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StephenPatterson

No focus peaking???

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So? Rangefinders and AF can be hit or miss under some circumstances too. Doesn't the magnified view on the A7, and lesser Sony models and other brands have more capability than on the T? Sony has a DMF (Direct Manual Focus) mode that can combine peaking and magnified focus (on any place in the field of view.) This even fluidly overrides the AF mode if you move the focus ring.

 

Studying a magnified view is the most exacting way to work but is not always practical... especially if it only works in the center of the frame where it may be too slow, awkward, or inaccurate once you recompose. Thus Leica not only left off one focus tool, they crippled the other one. Meanwhile the newest Sony APS cameras have 179 PD focus points that are selectable for help with motion tracking, adjustable peaking, and various options for magnified view.

 

So which camera is likely to give a typical user or a sophisticated user accurately focused images under a wider variety of situations?

 

Well Alan - not the A7 that's for sure!

 

Probably A D4x I'd say, although the D800 will do quite well too.

 

If you're talking Mirrorless the Olympus E-M1 seems to do best (but they're all flawed). Certainly, in my travels around mirror less cameras (A7,A7r,E-M1,X-T1) none of them track worth a dime. I haven't tried the Sony A6000 . . . but if Tim Ashley ( a total Sony convert) says it's rubbish then I believe him.

 

Putting 179PD focus points on is ticking boxes - making them useful is something different!

 

The focusing in the T is not terribly fast, and not terribly flexible - but it's pretty reliable and accurate - which is all most of us need.

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HI Stephen

I hope you're well . . . . . I tried hard to persuade them to focus peaking, but it wasn't going to happen . . . . . to be honest I can't exactly remember the reason why.

 

Still - I'd rather given up using it. For hand held (using an EVF) I've found that there is a kind of 'shimmer' over the in-focus areas, and the screen acts very like a ground glass screen. So I tend not to zoom in either (that's not just with the T, but with all the other EVF cameras I've been using).

 

I think with practice it becomes easier and easier to see what's in focus, and I'm getting pretty good hit rates - of course, this has several advantages:

 

1. no messing with buttons or dials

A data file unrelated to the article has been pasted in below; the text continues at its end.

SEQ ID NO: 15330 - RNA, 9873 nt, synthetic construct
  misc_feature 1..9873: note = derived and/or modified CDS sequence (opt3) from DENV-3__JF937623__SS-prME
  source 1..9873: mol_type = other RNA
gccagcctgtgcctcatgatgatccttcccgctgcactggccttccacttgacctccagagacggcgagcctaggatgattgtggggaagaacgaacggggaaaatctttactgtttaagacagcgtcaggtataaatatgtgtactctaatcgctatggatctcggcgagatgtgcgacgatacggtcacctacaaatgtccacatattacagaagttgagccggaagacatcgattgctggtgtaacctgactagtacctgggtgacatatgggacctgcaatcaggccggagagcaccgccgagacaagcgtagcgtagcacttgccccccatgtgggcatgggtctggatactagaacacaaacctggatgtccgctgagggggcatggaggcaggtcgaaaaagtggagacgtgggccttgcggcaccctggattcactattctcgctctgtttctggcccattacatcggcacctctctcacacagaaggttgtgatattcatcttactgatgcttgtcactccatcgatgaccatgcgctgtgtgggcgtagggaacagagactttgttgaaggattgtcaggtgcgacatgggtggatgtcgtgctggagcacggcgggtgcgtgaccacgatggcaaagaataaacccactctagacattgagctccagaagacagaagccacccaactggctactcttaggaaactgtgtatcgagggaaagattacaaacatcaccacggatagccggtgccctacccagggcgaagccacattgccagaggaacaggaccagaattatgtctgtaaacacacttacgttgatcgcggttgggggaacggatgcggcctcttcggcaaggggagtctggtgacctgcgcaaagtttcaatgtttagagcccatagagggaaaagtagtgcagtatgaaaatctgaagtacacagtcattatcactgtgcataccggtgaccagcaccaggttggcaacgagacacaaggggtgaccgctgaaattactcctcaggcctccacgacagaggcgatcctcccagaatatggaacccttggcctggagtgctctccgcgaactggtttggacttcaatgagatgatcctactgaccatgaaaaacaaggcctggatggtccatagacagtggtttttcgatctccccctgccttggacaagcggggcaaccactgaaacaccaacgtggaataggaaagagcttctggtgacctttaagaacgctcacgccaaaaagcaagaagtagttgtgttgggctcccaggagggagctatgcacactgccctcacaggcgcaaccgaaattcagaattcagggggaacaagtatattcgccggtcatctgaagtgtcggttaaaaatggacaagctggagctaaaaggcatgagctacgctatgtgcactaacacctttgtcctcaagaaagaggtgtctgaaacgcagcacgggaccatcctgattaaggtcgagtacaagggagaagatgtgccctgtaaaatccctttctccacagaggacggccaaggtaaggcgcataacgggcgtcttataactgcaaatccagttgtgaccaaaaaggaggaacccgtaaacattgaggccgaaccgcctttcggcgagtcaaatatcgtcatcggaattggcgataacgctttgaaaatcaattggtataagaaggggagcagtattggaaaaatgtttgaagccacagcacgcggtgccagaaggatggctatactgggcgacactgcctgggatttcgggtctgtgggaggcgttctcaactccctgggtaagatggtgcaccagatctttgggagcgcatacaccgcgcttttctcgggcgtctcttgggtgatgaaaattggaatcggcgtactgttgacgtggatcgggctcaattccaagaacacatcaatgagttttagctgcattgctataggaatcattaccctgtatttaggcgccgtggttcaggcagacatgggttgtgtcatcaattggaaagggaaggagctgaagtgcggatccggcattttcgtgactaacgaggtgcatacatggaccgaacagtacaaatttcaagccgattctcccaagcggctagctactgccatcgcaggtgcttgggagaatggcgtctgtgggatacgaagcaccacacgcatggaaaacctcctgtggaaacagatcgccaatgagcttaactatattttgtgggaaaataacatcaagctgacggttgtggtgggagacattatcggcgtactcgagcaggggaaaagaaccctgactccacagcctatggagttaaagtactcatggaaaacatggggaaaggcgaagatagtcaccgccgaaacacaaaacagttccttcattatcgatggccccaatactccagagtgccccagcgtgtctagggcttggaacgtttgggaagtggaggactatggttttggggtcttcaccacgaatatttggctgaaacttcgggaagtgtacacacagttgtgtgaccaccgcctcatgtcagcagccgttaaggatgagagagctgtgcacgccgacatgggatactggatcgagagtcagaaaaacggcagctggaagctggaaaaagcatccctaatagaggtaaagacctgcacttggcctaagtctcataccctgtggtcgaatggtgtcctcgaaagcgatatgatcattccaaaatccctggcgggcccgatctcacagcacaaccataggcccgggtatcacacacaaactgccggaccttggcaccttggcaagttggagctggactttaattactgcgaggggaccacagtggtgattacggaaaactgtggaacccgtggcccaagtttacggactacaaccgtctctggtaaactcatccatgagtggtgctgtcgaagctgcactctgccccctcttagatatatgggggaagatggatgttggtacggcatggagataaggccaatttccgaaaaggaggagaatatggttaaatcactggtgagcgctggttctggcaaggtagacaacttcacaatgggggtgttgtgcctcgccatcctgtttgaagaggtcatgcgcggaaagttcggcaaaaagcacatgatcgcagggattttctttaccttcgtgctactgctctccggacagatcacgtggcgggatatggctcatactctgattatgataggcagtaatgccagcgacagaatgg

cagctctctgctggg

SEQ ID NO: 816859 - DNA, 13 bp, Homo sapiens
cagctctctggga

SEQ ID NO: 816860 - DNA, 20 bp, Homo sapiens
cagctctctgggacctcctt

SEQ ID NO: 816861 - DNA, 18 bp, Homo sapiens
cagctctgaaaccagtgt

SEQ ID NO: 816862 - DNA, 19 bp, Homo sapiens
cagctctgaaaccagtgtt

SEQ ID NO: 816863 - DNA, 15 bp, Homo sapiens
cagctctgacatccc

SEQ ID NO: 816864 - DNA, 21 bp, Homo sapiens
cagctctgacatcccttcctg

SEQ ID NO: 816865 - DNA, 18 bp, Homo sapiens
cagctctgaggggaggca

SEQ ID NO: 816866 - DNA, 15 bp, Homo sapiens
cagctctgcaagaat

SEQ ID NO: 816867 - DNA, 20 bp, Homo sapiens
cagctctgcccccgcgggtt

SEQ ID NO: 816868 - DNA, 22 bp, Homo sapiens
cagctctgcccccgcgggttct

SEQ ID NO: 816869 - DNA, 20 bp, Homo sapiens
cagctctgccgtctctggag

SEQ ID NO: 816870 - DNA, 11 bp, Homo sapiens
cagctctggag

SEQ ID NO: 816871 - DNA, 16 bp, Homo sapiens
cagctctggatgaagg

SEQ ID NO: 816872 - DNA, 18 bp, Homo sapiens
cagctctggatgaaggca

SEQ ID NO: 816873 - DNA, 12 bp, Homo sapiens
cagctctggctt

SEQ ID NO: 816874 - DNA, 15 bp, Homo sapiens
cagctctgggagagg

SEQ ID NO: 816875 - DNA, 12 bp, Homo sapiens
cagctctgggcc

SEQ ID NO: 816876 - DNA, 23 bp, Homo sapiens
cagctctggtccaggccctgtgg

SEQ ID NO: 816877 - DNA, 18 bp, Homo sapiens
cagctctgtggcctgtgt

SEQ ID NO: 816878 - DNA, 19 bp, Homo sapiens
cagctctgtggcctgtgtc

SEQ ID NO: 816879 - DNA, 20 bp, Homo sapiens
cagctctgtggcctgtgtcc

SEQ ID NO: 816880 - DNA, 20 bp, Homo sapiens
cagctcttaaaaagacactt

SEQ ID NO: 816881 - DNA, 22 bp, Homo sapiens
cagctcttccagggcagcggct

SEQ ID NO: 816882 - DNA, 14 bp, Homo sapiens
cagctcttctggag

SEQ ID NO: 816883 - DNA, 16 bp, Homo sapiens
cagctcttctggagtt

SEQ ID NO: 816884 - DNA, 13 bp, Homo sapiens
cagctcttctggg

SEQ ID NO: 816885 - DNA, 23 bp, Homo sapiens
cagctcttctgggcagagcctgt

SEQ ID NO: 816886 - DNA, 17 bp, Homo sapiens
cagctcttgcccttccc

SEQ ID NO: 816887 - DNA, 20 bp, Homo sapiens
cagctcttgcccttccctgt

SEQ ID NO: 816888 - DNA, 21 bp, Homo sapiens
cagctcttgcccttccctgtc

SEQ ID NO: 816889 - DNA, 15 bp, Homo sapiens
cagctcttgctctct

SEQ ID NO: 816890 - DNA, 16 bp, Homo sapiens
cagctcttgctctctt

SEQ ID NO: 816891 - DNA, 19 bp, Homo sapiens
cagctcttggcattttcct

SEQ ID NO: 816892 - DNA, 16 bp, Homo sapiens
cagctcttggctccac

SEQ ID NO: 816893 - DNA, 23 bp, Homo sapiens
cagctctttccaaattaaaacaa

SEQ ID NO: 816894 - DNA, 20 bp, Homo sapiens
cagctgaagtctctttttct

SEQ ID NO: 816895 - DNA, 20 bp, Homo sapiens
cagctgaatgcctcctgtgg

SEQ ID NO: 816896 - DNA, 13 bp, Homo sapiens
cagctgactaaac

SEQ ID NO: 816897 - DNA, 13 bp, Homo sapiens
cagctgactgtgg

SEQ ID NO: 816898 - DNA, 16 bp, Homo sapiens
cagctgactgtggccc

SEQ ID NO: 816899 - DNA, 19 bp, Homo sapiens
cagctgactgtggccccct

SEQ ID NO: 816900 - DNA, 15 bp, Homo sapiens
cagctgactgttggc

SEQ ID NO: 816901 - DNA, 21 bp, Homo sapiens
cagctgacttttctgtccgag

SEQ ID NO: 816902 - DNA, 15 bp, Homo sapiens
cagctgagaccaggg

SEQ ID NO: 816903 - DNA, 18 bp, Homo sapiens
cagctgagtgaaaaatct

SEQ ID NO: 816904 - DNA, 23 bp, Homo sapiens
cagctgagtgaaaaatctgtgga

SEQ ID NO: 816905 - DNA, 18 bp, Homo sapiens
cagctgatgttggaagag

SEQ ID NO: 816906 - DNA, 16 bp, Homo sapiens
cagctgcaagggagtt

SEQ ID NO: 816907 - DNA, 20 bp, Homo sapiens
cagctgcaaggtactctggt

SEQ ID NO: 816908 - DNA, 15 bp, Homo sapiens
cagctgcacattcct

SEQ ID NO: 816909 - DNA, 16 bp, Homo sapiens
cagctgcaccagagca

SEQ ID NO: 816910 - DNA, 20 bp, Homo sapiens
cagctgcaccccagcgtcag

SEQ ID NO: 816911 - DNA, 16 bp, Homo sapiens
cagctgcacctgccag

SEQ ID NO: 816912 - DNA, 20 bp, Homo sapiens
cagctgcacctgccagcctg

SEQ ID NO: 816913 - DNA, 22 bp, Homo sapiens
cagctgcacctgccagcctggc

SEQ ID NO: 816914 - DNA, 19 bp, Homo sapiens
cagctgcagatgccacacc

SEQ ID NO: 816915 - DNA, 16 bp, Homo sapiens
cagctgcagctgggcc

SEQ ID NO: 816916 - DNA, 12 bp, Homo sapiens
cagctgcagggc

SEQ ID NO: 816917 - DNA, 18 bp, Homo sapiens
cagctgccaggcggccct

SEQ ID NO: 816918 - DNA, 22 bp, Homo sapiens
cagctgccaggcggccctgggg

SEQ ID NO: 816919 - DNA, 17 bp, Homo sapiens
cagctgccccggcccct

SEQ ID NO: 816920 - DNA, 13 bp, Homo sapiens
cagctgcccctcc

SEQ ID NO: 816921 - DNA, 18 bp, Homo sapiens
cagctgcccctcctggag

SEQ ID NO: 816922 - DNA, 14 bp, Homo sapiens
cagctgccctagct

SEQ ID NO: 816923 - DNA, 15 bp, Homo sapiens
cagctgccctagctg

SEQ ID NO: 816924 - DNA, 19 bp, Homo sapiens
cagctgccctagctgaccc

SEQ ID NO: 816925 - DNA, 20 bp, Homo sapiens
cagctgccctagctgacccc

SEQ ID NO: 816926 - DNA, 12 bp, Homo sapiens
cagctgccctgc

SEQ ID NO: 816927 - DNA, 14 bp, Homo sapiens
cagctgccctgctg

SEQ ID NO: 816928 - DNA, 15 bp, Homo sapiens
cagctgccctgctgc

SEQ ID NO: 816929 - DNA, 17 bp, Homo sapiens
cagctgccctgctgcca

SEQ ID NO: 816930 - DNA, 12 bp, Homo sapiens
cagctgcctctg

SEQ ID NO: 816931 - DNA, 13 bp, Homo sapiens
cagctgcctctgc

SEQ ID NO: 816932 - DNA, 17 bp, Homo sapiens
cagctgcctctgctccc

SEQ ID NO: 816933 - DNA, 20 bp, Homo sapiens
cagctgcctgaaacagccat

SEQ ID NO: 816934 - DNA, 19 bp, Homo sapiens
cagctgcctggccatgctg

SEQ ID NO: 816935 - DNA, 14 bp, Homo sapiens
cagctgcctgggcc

2. no problems with composition

3. no difficulty with where you've zoomed in

 

So, personally, despite having been an advocate, I don't really miss it.

 

all the best

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I think it has not changed much as it is mainly related to user error.

 

New AF systems give a much much higher hit rate under much more difficult conditions that people didn't even attempt with older focusing methods.

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Well Alan - not the A7 that's for sure!

 

Probably A D4x I'd say, although the D800 will do quite well too.

 

If you're talking Mirrorless the Olympus E-M1 seems to do best (but they're all flawed). Certainly, in my travels around mirror less cameras (A7,A7r,E-M1,X-T1) none of them track worth a dime. I haven't tried the Sony A6000 . . . but if Tim Ashley ( a total Sony convert) says it's rubbish then I believe him.

 

Putting 179PD focus points on is ticking boxes - making them useful is something different!

 

The focusing in the T is not terribly fast, and not terribly flexible - but it's pretty reliable and accurate - which is all most of us need.

 

Temporarily forget about comparing performance of specific cameras. Simply look at what is included or not included with a T. Of course many can live with it and find a way to work with what it does provide. What does that have to do with a decision to leave things out. Surely that decision was only made as a compromise to having a simple interface or lack of access or ability to incorporate some technology. I don't think there was a decision that peaking was useless or that limiting magnified view to the center was the best approach.

 

Other companies are pushing the limits of technology with each release and some find those features useful and some do not. But just as with what seems like an amateur hokey feature like "Smile Shutter" some people think of interesting ways to use it as a new methodology to expand their photographic toolbox. The companies make the tools and then it is up to the user to open up his/her imagination.

 

But while you are rationalizing the lack of inclusion of common features in a new expensive camera, tell me why just having magnified manual focus in the center will be better than having it anywhere on the screen.

 

Yeah on sensor PDAF is just ticking boxes.. Meanwhile other companies are not hand polishing their cameras and instead are developing all of this technology that Leica gradually adopts but charges a premium for what they do include.

 

http://petapixel.com/2013/07/04/check-out-the-canon-70ds-dual-pixel-af-system-in-action/

 

When you attempt to simplify and limit things in order to make something easier to use, one is bound to lose things.

Edited by AlanG

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Forget about comparing specific cameras. Simply look at what is included or not included with a T. Of course many can live with it.

 

But while you are rationalizing the lack of inclusion of common features in a new expensive camera, tell me why just having magnified manual focus in the center will be better than having it anywhere on the screen.

 

It isn't better

It's not better not to have focus peaking either

It's not better to have 16mp rather than 24 or 36 either

It's certainly not better not to have IBIS (my main grudge)

It's not better to have 2 native lenses than 20

 

As I said - if you're doing box ticking then it's clearly not better.

 

But If I'm asking myself:

Which camera would I rather shoot with M lenses (apart from my M)